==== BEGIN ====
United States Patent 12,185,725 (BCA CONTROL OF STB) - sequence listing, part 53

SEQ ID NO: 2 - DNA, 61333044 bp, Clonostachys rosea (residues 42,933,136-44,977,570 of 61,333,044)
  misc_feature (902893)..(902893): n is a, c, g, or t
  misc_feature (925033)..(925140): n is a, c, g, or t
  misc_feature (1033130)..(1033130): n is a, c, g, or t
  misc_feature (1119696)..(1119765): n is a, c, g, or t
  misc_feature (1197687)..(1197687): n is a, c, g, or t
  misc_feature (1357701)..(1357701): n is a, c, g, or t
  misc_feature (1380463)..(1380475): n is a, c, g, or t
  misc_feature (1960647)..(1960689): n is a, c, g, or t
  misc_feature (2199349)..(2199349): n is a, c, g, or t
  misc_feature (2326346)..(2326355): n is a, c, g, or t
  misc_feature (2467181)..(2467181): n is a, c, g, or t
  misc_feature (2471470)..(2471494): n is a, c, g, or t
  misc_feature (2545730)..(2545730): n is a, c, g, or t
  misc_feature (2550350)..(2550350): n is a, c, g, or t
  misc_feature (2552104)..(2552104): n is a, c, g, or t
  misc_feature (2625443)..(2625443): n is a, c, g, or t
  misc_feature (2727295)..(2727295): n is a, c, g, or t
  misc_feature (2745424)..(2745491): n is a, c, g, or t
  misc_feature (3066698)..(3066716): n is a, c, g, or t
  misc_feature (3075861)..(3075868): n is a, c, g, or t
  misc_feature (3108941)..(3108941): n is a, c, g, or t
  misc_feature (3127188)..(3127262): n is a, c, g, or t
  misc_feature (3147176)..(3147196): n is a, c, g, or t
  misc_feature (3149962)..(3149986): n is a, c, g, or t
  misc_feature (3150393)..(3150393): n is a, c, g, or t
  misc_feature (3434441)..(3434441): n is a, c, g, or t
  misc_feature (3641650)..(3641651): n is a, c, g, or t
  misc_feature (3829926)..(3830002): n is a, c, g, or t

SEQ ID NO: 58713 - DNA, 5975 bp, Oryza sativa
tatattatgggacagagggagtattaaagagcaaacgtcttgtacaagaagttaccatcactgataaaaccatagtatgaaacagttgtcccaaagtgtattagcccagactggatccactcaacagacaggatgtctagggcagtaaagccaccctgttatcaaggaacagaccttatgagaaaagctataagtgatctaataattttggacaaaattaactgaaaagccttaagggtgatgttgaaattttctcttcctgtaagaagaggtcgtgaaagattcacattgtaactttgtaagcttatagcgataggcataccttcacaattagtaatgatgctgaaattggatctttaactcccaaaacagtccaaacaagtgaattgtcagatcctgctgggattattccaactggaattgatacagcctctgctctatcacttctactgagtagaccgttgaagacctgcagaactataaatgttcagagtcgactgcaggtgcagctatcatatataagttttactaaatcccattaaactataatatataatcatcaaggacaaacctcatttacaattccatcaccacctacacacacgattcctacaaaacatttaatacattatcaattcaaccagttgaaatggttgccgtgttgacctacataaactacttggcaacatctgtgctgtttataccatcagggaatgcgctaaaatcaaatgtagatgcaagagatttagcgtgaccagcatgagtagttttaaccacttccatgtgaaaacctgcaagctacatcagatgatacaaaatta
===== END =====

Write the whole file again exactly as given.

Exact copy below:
United States Patent 12,185,725 (BCA CONTROL OF STB) - sequence listing, part 53

SEQ ID NO: 2 - DNA, 61333044 bp, Clonostachys rosea (residues 42,933,136-44,977,570 of 61,333,044)
  misc_feature (902893)..(902893): n is a, c, g, or t
  misc_feature (925033)..(925140): n is a, c, g, or t
  misc_feature (1033130)..(1033130): n is a, c, g, or t
  misc_feature (1119696)..(1119765): n is a, c, g, or t
  misc_feature (1197687)..(1197687): n is a, c, g, or t
  misc_feature (1357701)..(1357701): n is a, c, g, or t
  misc_feature (1380463)..(1380475): n is a, c, g, or t
  misc_feature (1960647)..(1960689): n is a, c, g, or t
  misc_feature (2199349)..(2199349): n is a, c, g, or t
  misc_feature (2326346)..(2326355): n is a, c, g, or t
  misc_feature (2467181)..(2467181): n is a, c, g, or t
  misc_feature (2471470)..(2471494): n is a, c, g, or t
  misc_feature (2545730)..(2545730): n is a, c, g, or t
  misc_feature (2550350)..(2550350): n is a, c, g, or t
  misc_feature (2552104)..(2552104): n is a, c, g, or t
  misc_feature (2625443)..(2625443): n is a, c, g, or t
  misc_feature (2727295)..(2727295): n is a, c, g, or t
  misc_feature (2745424)..(2745491): n is a, c, g, or t
  misc_feature (3066698)..(3066716): n is a, c, g, or t
  misc_feature (3075861)..(3075868): n is a, c, g, or t
  misc_feature (3108941)..(3108941): n is a, c, g, or t
  misc_feature (3127188)..(3127262): n is a, c, g, or t
  misc_feature (3147176)..(3147196): n is a, c, g, or t
  misc_feature (3149962)..(3149986): n is a, c, g, or t
  misc_feature (3150393)..(3150393): n is a, c, g, or t
  misc_feature (3434441)..(3434441): n is a, c, g, or t
  misc_feature (3641650)..(3641651): n is a, c, g, or t
  misc_feature (3829926)..(3830002): n is a, c, g, or t

SEQ ID NO: 58713 - DNA, 5975 bp, Oryza sativa
tatattatgggacagagggagtattaaagagcaaacgtcttgtacaagaagttaccatcactgataaaaccatagtatgaaacagttgtcccaaagtgtattagcccagactggatccactcaacagacaggatgtctagggcagtaaagccaccctgttatcaaggaacagaccttatgagaaaagctataagtgatctaataattttggacaaaattaactgaaaagccttaagggtgatgttgaaattttctcttcctgtaagaagaggtcgtgaaagattcacattgtaactttgtaagcttatagcgataggcataccttcacaattagtaatgatgctgaaattggatctttaactcccaaaacagtccaaacaagtgaattgtcagatcctgctgggattattccaactggaattgatacagcctctgctctatcacttctactgagtagaccgttgaagacctgcagaactataaatgttcagagtcgactgcaggtgcagctatcatatataagttttactaaatcccattaaactataatatataatcatcaaggacaaacctcatttacaattccatcaccacctacacacacgattcctacaaaacatttaatacattatcaattcaaccagttgaaatggttgccgtgttgacctacataaactacttggcaacatctgtgctgtttataccatcagggaatgcgctaaaatcaaatgtagatgcaagagatttagcgtgaccagcatgagtagttttaaccacttccatgtgaaaacctgcaagctacatcagatgatacaaaatta